Our economy experienced some extremely difficult times these last few years. People seeking employment in competitive job markets must do everything they can to keep their options open. At the moment, many career opportunities exist in both the public and private sector; however, the private sector appears to be losing popularity in the job market more recently. We can attribute this loss to the non-wage incentives offered by public sector employers to executive level employees. But, do public or private executives earn a higher salary?
Before we examine the differences between private and public executive level earnings, let’s define the two industries. Public sector employees usually serve as part of the government or a government agency. Private sector jobs are generally associated with the business world (example: business owners, organizations, independent corporations, etc.)
At the moment, federal and provincial governments continue to struggle with deficits. These agencies seek solutions to halt excessive spending. More and more employees show interest in learning how wages (and non-wage benefits) compare between employment in the private sector and the public sector. Who has the higher salary between these two?While some may view a job’s payscale as the sole factor indicative of a job’s worth, we believe that many other benefits should be considered (such as medical insurance, days off, incentives etc.)
Both public and private executive level employees face their own challenges when it comes to compensation and work benefits. Public sector employees’ salaries cannot compare to those of Chief Executive officers in the corporate world. PayScale discovered some interesting facts about the difference in public and private earnings for CEOs and their employees. This chart portrays the differences in salary. It also draws attention to the unpredictable nature of these salaries.
“Average pay levels vary between the public and private sectors because of the different jobs and characteristics of the people within each sector” – Source: Ons.gov.uk
Each sector of employment presents its own unique set of challenges. This means that executive compensation greatly varies according to size, age, and profit of the business. The public sector may suit your friend’s professional interests. That doesn’t mean that it will also benefit you. Furthermore, many executive salaries are not made available to the public. This lack of transparency creates challenges to accuracy.
Public versus Private Sector
According to a study conducted by Epi.org, CEO payment in both the private and public sectors continues to rise while employee salaries remain the same. James F. Reda also conducted a study on Private vs. Public Total Compensation. According to his findings, privately-held companies usually approach compensation differently than public companies. In other words, compensation philosophies differ vastly.
Public companies focus more on financial rewards, while public sectors provide employees with more benefits (like better medical access, education, equity, long-term retirement incentives, or insurance). Another thing to consider is the major difference between the roles of a CEO in a private company to that of one from the public sector. The following report (from Jfreda) shows a private CEO’s pay as a percentage of a public CEO’s compensation plan:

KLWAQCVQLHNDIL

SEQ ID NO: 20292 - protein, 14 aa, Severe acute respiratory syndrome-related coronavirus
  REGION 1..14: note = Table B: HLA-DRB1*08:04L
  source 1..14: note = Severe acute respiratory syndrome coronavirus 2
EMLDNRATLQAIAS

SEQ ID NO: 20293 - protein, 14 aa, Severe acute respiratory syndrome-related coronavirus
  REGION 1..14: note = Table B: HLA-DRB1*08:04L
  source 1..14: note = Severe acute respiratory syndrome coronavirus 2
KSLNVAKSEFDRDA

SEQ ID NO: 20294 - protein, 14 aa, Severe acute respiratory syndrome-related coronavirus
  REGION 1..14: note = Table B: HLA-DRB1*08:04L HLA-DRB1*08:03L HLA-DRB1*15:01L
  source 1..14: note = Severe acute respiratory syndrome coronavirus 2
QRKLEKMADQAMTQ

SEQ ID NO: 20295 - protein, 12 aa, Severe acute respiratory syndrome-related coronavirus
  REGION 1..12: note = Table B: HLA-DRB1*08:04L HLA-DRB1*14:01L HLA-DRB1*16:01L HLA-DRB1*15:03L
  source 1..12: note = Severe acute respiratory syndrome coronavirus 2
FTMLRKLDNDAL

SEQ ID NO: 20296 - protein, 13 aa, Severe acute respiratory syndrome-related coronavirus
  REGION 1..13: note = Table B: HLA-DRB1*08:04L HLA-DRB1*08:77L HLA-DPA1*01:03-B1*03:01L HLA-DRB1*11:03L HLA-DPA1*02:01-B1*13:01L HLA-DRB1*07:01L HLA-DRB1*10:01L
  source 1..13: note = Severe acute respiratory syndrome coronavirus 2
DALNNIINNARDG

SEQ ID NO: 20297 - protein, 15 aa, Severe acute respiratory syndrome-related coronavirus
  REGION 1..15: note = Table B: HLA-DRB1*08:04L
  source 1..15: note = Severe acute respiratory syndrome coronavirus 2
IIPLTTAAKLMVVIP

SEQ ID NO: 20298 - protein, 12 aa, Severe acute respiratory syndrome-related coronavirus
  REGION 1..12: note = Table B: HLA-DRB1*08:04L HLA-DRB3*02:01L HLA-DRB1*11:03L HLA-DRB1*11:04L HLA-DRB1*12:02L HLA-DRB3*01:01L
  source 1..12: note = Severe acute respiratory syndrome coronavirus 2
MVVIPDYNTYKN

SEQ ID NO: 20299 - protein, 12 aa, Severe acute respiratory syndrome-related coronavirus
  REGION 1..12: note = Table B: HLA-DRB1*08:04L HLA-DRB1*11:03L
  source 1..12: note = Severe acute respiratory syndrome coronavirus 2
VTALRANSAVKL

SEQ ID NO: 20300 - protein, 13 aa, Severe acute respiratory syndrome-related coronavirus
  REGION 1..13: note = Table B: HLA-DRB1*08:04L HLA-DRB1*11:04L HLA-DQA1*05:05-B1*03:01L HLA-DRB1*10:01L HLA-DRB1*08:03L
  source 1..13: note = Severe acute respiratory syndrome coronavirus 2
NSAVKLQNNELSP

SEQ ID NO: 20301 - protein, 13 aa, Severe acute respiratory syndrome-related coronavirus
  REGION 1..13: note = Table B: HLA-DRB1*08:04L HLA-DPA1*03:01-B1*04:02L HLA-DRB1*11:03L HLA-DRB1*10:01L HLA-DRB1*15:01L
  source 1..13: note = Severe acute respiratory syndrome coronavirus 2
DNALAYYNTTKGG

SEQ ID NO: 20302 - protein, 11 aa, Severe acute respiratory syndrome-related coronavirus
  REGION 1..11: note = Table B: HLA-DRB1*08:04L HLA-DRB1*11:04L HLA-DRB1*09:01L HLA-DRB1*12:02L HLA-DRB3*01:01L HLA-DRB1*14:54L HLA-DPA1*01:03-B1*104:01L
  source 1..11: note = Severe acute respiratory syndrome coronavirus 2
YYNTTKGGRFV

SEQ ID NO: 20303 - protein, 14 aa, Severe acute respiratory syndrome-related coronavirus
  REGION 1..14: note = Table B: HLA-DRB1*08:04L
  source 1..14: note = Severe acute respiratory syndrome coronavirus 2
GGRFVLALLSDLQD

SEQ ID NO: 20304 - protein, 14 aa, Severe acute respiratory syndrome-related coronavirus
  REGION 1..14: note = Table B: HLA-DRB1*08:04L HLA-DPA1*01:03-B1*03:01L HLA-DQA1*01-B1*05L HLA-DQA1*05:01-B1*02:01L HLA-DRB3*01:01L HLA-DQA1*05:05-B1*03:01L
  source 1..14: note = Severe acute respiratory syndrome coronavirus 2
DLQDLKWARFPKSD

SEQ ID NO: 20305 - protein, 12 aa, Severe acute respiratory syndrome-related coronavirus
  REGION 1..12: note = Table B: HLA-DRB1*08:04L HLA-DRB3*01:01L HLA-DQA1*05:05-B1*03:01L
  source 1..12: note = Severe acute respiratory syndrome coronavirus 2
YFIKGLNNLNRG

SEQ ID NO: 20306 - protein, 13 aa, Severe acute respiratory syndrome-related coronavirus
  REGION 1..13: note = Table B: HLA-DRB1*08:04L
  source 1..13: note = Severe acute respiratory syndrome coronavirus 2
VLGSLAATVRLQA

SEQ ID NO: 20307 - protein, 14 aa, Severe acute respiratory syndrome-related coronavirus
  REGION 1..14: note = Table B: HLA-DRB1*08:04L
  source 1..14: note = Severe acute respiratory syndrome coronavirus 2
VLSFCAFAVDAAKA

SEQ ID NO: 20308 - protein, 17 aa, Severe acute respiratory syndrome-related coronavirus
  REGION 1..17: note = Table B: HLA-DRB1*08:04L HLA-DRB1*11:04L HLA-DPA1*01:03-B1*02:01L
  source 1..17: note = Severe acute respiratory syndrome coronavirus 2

From the perspective of total compensation, this factor is not an equivalent measure. Different private companies offer their own benefits packages which include more than just financial bonuses. The industry with the highest salary is not the most important factor for drawing employment from the job market.
“On average, chief executives likely earn more, and first-line supervisors probably earn less than mid-level managers.” – Source: Ons.gov.uk
Pursuing an Executive Level Job
The road to becoming a CEO is similar for both private and public sector. A certain blueprint exists that all employees must follow in order to obtain this title. First of all, you must distinguish yourself from the rest of the employees with the help of strong leadership skills, unique personality traits, and unusual talents. Secondly, you must obtain the proper level of education for the position. While no laws exist stipulating that CEOs must possess college education, very few CEOs in the US don’t possess a bachelor’s degree. Experience is vital as well. Of course, this experience must be pertinent to the company’s field and the position.
The Fas.org report clearly shows that private sector employment is decreasing due to the effects of the 2007 recession. Also, the public sector now consists of larger organizations whose employees earn slightly more compensation than employees of smaller organizations. A report from 2013 demonstrates that public sector workers earn an average of 13% more than private sector employees and CEOs once you factor in the additional benefits. However, on average, private sector CEOs earn more compensation than their public sector counterparts. Employees and potential executives are being attracted to these industries due to the stability and compensation philosophy of public sector jobs.
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